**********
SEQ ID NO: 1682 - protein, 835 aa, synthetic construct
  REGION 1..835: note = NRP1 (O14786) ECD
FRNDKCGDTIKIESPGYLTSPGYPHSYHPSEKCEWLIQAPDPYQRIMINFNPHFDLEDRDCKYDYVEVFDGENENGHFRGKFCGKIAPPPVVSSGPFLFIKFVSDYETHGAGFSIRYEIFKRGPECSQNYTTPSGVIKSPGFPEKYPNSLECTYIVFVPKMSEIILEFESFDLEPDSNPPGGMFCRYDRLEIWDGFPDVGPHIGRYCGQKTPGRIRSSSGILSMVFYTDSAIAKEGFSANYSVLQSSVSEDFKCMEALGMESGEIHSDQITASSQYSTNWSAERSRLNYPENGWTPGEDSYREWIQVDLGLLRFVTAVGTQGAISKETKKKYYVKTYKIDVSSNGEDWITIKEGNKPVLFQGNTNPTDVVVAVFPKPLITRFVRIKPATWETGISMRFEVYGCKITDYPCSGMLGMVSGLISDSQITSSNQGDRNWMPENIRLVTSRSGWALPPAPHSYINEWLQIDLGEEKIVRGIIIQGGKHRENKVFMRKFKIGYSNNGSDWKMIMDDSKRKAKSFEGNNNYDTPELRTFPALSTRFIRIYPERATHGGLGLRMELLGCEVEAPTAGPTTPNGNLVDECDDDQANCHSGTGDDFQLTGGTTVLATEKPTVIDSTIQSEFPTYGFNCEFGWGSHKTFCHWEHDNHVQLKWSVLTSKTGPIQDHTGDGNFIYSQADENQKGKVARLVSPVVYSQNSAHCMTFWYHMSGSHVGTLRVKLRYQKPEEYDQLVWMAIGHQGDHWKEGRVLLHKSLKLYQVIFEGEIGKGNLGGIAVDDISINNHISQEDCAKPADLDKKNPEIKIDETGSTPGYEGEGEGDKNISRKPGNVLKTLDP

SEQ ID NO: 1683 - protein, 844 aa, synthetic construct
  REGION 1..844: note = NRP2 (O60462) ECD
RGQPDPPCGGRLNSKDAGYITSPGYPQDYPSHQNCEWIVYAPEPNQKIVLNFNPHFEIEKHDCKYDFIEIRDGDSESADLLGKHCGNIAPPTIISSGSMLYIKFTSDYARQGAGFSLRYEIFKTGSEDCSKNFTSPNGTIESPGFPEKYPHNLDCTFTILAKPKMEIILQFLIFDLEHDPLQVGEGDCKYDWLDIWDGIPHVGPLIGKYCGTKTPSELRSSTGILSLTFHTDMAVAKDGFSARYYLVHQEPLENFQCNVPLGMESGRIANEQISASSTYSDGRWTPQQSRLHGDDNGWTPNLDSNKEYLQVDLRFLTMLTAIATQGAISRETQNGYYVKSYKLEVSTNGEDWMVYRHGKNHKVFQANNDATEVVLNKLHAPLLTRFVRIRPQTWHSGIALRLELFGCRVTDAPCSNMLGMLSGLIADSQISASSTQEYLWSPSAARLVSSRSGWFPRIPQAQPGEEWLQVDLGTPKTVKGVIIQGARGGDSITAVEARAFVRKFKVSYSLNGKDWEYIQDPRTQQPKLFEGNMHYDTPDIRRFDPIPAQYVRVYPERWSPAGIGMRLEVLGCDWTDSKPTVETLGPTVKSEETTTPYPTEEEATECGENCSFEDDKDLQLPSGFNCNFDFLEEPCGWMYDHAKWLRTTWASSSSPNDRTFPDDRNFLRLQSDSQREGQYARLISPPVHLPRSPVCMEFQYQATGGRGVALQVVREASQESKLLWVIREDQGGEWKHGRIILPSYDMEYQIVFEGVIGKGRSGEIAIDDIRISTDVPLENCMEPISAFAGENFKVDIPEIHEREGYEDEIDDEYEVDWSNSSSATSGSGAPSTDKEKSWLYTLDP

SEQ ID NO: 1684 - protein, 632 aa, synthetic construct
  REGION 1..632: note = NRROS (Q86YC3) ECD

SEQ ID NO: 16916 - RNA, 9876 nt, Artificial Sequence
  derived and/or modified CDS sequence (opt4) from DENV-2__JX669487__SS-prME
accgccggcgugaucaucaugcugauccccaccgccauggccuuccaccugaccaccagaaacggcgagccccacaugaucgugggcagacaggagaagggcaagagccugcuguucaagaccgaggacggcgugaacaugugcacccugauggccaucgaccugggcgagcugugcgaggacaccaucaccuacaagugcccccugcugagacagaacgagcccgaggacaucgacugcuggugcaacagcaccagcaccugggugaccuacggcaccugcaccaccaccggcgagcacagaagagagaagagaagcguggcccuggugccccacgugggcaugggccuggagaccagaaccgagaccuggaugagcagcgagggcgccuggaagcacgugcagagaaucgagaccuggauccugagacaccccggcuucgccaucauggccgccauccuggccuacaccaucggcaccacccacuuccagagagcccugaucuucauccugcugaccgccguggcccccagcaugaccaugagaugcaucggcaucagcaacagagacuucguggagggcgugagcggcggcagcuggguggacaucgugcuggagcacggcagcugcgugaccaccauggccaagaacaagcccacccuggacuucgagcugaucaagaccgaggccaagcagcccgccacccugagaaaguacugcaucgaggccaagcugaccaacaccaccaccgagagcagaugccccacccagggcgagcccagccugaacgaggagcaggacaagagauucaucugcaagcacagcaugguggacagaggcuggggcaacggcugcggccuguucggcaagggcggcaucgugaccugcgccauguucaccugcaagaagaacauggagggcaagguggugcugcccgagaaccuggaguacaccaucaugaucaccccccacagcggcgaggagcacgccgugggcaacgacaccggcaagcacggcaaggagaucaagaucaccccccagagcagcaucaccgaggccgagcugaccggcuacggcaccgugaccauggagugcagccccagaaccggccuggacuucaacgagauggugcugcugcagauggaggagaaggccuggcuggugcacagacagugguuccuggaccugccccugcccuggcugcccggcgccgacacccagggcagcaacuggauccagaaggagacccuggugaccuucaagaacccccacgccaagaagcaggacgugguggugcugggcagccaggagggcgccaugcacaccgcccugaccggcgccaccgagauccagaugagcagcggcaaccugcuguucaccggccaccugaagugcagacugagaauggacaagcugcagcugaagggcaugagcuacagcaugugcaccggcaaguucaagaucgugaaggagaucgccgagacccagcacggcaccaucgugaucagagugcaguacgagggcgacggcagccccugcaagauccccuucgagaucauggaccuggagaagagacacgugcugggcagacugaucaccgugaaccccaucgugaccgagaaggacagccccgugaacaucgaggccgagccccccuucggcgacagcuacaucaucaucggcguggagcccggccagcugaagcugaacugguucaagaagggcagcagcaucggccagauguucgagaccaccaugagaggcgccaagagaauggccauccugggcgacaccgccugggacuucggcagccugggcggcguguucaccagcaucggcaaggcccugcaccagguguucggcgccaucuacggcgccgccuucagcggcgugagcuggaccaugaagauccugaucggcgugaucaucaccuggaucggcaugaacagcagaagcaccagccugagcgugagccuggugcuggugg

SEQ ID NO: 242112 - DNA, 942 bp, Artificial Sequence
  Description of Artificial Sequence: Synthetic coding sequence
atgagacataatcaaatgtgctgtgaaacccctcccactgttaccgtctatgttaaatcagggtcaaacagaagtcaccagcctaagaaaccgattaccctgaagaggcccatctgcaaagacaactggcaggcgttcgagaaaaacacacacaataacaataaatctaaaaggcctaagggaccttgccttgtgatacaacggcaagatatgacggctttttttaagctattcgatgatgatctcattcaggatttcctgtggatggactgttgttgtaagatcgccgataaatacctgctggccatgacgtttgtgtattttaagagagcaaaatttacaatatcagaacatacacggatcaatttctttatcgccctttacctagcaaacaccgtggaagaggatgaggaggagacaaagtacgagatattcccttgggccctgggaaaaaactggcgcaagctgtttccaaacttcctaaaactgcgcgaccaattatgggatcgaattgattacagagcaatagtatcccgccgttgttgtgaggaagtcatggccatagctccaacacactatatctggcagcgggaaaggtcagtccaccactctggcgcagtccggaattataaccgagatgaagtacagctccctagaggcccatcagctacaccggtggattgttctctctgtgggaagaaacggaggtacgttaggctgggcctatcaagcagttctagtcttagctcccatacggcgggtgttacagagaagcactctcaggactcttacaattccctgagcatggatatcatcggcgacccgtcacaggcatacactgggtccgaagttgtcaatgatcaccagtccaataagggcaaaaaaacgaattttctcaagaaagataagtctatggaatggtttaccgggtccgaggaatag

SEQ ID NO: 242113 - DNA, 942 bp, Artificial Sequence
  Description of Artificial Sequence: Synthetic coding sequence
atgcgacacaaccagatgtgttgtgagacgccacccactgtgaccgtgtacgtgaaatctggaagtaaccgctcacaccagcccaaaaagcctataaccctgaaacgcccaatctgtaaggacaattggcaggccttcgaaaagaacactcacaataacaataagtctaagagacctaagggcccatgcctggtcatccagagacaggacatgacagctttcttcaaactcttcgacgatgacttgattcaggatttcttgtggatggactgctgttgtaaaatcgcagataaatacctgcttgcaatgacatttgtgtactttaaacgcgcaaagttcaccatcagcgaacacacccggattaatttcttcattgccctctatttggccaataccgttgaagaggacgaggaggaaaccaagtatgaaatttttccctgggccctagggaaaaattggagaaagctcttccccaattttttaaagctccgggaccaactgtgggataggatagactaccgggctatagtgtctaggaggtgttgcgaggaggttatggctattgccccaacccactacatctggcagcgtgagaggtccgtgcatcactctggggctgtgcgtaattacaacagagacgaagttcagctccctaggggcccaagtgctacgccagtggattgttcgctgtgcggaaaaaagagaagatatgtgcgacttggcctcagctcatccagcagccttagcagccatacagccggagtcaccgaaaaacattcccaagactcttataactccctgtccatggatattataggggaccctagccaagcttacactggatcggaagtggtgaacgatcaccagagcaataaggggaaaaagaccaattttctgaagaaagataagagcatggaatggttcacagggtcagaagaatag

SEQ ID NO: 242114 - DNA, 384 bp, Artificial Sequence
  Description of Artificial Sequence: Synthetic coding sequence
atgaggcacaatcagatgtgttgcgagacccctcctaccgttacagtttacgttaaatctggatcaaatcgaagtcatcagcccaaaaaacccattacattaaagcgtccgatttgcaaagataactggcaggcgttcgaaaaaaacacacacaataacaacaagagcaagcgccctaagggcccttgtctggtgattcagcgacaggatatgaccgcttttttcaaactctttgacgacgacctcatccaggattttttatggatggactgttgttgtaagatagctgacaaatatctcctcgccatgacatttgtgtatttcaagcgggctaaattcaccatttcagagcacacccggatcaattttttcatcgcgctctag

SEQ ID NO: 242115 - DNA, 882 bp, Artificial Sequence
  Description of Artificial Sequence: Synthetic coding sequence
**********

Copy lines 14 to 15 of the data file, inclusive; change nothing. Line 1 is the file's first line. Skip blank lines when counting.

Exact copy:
atgagacataatcaaatgtgctgtgaaacccctcccactgttaccgtctatgttaaatcagggtcaaacagaagtcaccagcctaagaaaccgattaccctgaagaggcccatctgcaaagacaactggcaggcgttcgagaaaaacacacacaataacaataaatctaaaaggcctaagggaccttgccttgtgatacaacggcaagatatgacggctttttttaagctattcgatgatgatctcattcaggatttcctgtggatggactgttgttgtaagatcgccgataaatacctgctggccatgacgtttgtgtattttaagagagcaaaatttacaatatcagaacatacacggatcaatttctttatcgccctttacctagcaaacaccgtggaagaggatgaggaggagacaaagtacgagatattcccttgggccctgggaaaaaactggcgcaagctgtttccaaacttcctaaaactgcgcgaccaattatgggatcgaattgattacagagcaatagtatcccgccgttgttgtgaggaagtcatggccatagctccaacacactatatctggcagcgggaaaggtcagtccaccactctggcgcagtccggaattataaccgagatgaagtacagctccctagaggcccatcagctacaccggtggattgttctctctgtgggaagaaacggaggtacgttaggctgggcctatcaagcagttctagtcttagctcccatacggcgggtgttacagagaagcactctcaggactcttacaattccctgagcatggatatcatcggcgacccgtcacaggcatacactgggtccgaagttgtcaatgatcaccagtccaataagggcaaaaaaacgaattttctcaagaaagataagtctatggaatggtttaccgggtccgaggaatag

SEQ ID NO: 242113 - DNA, 942 bp, Artificial Sequence